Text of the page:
Amazon's Cloud Operations in China Faces Censors Scrutiny

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VPNs permitted the access to its users for the China's so-called 'Great Firewall.' The primary intention behind it is to restrict the access to overseas sites. Those apps helped users connect to the rest of the internet world using technology called virtual private networks, or VPNs.

Although China maintains the spot of having the biggest number of internet users, a report in 2015 by the United States think tank Freedom House proposed that out of 65 nations analyzed, China possess the highest restrictive online use laws below Iran and Syria.

The legislation, which was signed over the weekend and has already been approved by Russia's lower house of parliament (the Duma), is ostensibly created to block "unlawful content" rather than place restrictions on citizens, according to Leonid Levin, the head of Duma's information policy committee.

Leonid Levin, chairman of a parliamentary committee on information policy and communications, said the law signed by Putin does not "introduce any new restrictions and especially no censorship".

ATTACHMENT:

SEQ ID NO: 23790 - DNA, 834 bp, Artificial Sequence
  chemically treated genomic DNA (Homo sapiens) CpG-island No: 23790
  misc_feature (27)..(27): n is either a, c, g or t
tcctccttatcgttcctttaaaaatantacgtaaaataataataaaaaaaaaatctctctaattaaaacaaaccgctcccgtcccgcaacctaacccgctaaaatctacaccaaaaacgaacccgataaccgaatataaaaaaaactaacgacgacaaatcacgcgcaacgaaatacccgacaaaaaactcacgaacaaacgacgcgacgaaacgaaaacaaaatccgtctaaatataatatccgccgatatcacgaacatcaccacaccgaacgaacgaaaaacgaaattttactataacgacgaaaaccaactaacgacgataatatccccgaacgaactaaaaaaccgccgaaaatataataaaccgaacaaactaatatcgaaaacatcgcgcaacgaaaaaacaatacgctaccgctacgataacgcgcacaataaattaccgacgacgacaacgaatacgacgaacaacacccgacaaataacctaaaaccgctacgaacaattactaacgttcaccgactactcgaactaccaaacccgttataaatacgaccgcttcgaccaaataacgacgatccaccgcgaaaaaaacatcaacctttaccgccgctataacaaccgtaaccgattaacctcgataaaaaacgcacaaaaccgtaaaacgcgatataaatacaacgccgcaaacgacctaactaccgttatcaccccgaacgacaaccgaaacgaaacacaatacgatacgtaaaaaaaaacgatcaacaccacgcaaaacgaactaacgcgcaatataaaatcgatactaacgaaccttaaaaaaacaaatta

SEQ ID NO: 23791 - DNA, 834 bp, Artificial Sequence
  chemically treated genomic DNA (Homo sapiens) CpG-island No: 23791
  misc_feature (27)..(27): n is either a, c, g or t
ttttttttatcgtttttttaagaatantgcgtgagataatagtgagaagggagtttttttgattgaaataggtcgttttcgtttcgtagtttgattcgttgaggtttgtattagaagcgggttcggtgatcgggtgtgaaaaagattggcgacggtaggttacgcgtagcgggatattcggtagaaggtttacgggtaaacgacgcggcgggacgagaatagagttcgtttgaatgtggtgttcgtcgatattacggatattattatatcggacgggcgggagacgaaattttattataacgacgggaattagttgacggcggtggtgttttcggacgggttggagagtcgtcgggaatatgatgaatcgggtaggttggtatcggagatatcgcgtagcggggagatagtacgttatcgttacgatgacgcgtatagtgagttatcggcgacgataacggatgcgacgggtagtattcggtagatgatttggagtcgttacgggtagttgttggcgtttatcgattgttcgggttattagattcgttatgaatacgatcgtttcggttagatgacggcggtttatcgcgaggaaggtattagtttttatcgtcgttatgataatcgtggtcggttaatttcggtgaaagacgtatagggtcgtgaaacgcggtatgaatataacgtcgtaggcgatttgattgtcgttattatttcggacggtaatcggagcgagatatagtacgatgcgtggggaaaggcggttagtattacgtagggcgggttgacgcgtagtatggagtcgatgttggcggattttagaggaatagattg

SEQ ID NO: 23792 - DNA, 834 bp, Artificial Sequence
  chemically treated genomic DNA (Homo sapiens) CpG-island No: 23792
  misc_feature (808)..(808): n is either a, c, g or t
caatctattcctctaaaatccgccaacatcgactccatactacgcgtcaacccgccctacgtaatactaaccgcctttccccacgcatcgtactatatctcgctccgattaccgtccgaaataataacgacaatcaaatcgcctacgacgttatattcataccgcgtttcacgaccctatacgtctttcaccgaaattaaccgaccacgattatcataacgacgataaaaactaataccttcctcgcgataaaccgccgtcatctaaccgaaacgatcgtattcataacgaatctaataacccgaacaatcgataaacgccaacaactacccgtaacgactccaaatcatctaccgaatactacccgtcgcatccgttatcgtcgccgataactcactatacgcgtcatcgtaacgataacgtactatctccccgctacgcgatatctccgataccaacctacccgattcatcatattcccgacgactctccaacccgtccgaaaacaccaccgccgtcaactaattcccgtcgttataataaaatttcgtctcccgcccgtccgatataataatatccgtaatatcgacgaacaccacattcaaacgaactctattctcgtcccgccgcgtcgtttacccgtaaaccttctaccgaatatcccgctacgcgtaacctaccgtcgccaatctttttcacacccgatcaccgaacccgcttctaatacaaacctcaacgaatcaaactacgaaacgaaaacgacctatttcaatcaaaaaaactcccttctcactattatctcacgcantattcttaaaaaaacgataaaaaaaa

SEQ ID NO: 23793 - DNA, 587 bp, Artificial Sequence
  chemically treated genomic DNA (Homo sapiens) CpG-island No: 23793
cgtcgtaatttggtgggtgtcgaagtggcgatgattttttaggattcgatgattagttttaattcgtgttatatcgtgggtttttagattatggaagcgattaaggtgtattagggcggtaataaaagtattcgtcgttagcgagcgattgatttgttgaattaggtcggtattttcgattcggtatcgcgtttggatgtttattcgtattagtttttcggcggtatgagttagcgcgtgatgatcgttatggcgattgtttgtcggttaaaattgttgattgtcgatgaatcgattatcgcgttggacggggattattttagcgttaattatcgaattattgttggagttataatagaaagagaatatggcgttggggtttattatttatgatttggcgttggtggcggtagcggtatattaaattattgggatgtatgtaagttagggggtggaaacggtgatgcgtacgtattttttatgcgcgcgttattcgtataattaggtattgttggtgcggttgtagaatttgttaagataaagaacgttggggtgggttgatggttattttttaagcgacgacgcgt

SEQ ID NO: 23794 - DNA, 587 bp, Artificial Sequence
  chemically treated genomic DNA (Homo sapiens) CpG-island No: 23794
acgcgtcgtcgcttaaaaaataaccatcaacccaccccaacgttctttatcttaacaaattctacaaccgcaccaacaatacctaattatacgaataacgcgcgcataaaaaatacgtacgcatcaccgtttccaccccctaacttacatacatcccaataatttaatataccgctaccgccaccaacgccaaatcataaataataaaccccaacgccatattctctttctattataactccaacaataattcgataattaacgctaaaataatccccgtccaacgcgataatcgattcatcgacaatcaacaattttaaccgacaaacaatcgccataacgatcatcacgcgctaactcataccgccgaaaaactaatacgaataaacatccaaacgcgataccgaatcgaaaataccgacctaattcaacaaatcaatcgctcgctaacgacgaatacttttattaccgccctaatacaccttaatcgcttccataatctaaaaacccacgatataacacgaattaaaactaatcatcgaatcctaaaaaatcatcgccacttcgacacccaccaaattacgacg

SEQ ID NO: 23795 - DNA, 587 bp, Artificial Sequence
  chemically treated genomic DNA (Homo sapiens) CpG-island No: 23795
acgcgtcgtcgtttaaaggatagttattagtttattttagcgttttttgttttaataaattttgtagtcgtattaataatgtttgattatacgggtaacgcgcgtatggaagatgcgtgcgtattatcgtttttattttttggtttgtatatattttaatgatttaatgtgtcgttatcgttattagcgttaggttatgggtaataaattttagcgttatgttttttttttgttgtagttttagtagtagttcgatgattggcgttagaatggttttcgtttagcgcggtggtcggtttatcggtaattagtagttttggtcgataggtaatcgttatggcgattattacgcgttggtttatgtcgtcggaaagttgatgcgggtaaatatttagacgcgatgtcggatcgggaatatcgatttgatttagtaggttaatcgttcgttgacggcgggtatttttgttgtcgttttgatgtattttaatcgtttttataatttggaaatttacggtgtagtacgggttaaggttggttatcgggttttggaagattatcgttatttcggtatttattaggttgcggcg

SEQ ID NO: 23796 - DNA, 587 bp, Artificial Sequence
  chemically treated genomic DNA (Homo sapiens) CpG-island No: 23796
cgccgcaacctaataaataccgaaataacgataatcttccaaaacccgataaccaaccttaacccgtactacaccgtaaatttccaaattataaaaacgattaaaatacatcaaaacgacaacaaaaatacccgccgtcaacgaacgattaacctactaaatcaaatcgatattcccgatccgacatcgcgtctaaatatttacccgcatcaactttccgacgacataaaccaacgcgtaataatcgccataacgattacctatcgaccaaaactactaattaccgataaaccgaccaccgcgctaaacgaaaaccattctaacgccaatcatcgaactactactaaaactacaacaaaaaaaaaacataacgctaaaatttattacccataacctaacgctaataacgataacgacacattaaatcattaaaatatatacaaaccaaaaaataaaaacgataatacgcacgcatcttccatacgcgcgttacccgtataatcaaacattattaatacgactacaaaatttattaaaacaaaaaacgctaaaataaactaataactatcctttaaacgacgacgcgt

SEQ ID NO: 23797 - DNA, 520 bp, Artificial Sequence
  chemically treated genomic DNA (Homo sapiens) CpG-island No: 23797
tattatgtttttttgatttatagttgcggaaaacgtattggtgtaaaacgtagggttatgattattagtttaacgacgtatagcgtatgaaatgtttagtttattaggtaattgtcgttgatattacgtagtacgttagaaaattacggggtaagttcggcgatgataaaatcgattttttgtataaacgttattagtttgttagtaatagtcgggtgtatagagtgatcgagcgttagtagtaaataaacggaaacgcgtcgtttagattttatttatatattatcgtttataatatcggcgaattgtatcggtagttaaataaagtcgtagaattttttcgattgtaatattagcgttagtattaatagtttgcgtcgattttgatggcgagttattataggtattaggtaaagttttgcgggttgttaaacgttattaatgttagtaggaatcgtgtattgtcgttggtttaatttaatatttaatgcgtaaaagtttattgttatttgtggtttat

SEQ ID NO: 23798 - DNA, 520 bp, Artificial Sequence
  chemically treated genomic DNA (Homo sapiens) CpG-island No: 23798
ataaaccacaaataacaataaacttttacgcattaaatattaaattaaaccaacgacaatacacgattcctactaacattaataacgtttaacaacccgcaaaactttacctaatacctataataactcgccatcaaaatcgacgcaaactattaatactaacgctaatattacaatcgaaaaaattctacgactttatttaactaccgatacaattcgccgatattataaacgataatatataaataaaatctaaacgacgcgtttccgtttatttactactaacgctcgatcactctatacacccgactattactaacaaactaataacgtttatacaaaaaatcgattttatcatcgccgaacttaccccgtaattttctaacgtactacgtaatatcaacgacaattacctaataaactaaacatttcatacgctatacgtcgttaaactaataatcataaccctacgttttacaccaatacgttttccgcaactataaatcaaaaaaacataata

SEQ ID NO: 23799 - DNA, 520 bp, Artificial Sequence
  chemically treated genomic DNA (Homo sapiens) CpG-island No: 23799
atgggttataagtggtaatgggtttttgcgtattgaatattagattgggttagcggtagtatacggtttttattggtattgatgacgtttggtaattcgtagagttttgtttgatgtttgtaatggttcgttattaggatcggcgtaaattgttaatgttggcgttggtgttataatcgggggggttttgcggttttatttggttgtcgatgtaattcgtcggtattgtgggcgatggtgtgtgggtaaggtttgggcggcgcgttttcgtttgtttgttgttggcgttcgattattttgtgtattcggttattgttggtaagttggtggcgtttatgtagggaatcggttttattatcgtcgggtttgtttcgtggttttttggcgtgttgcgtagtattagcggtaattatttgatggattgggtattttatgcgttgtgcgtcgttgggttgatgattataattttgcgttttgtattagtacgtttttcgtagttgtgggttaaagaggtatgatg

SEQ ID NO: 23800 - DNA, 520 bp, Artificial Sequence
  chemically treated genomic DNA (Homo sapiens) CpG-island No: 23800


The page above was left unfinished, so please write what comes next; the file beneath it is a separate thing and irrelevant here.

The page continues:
But, much like China, it's more likely that the move is a way of preventing Russians from viewing content that criticizes the government.


Inc.'s cloud-computing customers in China are being told to stop using software to bypass China's internet gates, part of a government clampdown. "The ban on VPNs takes this shameful campaign a whole step further".

His comments come after it was revealed that Apple has removed a number of the virtual private network apps that allow users to circumvent the Great Firewall from its Chinese store. Not only do these Chinese companies have close relationships with the government, but Chinese law prohibits AWS from using its own branding in China, forcing it to work through Beijing Sinnet Technology.

Krivosheev said Apple's decision to remove the apps in China has "aided the online censorship efforts of the Chinese government and jeopardised the rights of countless internet users". "We have been required to remove some VPN apps in China that do not meet the new regulations", Apple said. "These apps remain available in all other markets where they do business".

China's government has been forcing local VPN providers to shut down as well as pressuring foreign VPNs to cement its control over the internet in the run-up to next month's Communist Party congress.

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